22 January 2011

4 Ways To Finish Your First 100 Mile Run

1.  Run consistently for two years

2.  Eat and drink during the race

3.  Set your pace for the entire race, not just the first 50 miles

4.  Get a "hired gun" to pace you for the entire 100 miles
Me pacing Tim W (him in orange) leaving Twin Lakes about mile 60 at Leadville 100 2010.  He ended up 6th overall in 19:19!

Number 4 is what I'll be doing at Vermont 100 this July; pacing a strong 63 year old runner in his first 100 mile race.  Being over 60, he's eligible for a pacer the entire distance but I went ahead and registered for the race myself, so I won't feel guilty utilizing all the aid station goodies AND will earn a 100 mile buckle!  We're shooting for sub 24 hours...

The down side is that I have to drop out of Tahoe Rim Trail 100 on July 8th, HOWEVER, I'm in the lottery for Hardrock... Dilemma.  TRT I can live without and do any year.  Hardrock is a race that doesn't suit my strengths but is an epic event that I want to be able to say, "Yeah, I did Hardrock.  It sucked.  I loved it."

Strangely, I'm comfortable with the notion of running Hardrock and then pacing at Vermont the next weekend.  TRT and then VT would be difficult because I'd be full throttle racing at TRT (read: beating the core of hell out of my body).  Hardrock, for someone like myself, is not as punishing.  Yes, it's beyond words harder than TRT but doesn't rip up muscle fibers and connective tissue like running solid over 100 miles.  Many folks would beg to differ but I know how badly I feel after a hard, runnable 50 miler.  Bear 100 was less punishing overall to my body than was Deadman Peaks 50 miler (54 miles actually).  Also, Vermont will be at John's pace, which, even at 24 hours is more of a mental test than physical test for my body.  Yeah, it's hard!  I'll be too busy focusing on John's vital stats (food intake, hydrating, electrolytes, pacing, effort, positive mental focus, perception...etc).  Focusing all my attention on Tim W. pacing him at Leadville for the last 50 miles took away most of the sissy cribbing (self whining) on my own aches and pain.  Accomplishing something for yourself is sweet but being a part of another person's journey and achievement is a fulfilling, rich satisfaction that you have to experience to understand.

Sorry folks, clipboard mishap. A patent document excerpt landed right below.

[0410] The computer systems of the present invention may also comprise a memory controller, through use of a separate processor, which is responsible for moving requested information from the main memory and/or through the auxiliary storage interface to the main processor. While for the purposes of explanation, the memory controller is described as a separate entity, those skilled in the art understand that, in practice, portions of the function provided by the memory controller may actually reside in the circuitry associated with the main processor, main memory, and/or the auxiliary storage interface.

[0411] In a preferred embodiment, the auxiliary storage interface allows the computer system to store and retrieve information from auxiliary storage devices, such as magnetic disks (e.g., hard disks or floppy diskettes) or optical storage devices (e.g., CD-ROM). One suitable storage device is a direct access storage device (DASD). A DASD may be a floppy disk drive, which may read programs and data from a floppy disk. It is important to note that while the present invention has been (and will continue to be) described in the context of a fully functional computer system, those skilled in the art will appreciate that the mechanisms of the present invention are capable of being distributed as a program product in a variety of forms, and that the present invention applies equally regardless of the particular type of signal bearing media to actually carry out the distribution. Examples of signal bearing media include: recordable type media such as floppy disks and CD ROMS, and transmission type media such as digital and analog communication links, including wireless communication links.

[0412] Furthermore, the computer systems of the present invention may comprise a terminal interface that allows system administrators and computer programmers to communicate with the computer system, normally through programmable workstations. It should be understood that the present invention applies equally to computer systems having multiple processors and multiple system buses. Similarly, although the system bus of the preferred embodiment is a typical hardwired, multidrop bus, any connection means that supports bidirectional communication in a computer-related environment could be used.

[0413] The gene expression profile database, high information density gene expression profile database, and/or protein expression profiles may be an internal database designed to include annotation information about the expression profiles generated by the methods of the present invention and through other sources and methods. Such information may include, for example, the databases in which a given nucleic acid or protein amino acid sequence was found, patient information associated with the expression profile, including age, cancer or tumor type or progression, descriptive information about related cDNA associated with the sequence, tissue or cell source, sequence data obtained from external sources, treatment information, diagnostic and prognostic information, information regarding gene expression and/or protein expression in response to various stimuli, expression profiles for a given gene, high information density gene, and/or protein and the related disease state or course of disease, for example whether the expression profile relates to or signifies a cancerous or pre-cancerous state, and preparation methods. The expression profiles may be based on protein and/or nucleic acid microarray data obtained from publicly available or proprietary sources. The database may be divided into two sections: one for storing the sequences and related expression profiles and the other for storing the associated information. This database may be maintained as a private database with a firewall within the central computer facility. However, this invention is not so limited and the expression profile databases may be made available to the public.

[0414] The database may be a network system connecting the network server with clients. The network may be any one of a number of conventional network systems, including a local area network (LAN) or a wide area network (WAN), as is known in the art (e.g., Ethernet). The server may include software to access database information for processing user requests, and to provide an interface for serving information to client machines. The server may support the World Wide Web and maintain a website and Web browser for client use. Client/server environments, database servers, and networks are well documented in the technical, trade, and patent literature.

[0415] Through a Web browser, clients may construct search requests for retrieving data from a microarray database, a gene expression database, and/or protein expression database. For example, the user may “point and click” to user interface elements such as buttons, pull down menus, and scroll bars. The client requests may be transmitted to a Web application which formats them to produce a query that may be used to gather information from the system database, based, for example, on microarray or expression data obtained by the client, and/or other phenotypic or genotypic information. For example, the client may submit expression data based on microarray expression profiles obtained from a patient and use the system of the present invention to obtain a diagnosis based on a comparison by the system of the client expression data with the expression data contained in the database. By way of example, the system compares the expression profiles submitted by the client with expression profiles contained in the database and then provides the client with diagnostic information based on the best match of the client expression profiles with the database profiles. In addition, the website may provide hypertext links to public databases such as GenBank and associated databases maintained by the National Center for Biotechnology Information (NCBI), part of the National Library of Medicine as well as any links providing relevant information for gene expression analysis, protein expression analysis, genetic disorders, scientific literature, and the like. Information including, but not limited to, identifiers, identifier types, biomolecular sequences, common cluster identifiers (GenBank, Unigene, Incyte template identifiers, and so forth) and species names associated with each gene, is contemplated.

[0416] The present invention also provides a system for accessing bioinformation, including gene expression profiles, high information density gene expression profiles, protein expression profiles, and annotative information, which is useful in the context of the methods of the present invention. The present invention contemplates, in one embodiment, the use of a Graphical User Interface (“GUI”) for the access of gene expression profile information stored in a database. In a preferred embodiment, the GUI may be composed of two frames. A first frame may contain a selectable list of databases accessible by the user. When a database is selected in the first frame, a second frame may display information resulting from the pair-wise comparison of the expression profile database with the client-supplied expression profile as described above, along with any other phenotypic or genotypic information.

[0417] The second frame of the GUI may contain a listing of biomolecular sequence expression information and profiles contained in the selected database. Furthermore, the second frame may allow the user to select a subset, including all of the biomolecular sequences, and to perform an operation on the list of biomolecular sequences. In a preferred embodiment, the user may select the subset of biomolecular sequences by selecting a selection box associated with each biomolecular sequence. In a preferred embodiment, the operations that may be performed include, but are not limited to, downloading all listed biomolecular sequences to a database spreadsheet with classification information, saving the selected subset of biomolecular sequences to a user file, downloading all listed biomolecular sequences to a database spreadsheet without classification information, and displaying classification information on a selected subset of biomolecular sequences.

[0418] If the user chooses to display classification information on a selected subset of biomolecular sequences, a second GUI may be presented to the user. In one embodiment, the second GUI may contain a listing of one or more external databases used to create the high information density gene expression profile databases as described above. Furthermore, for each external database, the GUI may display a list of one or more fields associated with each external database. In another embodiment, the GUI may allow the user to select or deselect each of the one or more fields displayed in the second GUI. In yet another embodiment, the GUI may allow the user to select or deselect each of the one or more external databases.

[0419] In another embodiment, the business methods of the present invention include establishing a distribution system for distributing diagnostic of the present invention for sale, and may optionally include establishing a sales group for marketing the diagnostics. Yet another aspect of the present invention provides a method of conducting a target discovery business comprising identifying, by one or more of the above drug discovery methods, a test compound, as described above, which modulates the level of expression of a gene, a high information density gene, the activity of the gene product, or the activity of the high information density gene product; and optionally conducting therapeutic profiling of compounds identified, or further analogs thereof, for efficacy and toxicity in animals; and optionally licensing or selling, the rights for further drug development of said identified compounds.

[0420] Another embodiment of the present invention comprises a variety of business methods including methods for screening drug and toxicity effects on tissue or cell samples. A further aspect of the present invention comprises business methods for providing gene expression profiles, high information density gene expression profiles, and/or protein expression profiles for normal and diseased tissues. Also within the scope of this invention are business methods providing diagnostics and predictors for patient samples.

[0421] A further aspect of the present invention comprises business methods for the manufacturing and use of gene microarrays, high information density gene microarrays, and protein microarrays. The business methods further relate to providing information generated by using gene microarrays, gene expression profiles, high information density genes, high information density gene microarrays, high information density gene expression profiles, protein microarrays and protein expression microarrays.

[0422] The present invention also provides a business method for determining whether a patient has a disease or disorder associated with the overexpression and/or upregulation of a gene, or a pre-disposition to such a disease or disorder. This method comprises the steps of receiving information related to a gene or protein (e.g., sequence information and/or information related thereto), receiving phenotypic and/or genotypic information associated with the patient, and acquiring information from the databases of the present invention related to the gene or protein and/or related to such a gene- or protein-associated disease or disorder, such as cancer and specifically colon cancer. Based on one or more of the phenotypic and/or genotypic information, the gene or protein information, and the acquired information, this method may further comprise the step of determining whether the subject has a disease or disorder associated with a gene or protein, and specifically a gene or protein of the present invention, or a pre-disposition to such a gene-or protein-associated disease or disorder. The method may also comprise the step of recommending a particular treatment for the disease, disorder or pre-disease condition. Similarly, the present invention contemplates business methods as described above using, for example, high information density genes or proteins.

Note:  After thinking about it, the likely scenario will be that I do the Bighorn 100 (June 18) in place of a possible Hardrock entry, thus giving 100% to my Vermont duties.

I also have an option to add ANOTHER event to my nutty schedule, just a 50k in April.  This year will be an adventure.


  1. Seriously - I'd dig a few more of "how to" posts.

  2. Mr. Long,

    I was wondering your thoughts on how to run a decent portion of a 100 miler, specifically the Bear.

    In 2009 I DNF'd my first attempt (made it 75 miles)--that was kind of my fault, as my longest run was 13.1 miles before that.

    Last year I ran 1 50K (in GA), the Squaw Peak 50 (14:16), Lean Horse 50 (10:36), and the Labor of Love 100 (28:46).

    My goal for Bear 2011 is simply. finish; however, if possible I'd love to run something faster than 36 hours (if anything to be done sooner).

    I know training is very personal, but I was wondering if you have any... advice on how to train to do well at Bear, not just finish.

    My only problem is that I'll be out of the country for the whole summer, and will either have flat land, the pool, or a treadmill to train.

    Thanks in advance, I enjoy reading your blog.


  3. Michael,
    I'd be happy to email you some thoughts on running Bear. Write to me at footfeathers a gmail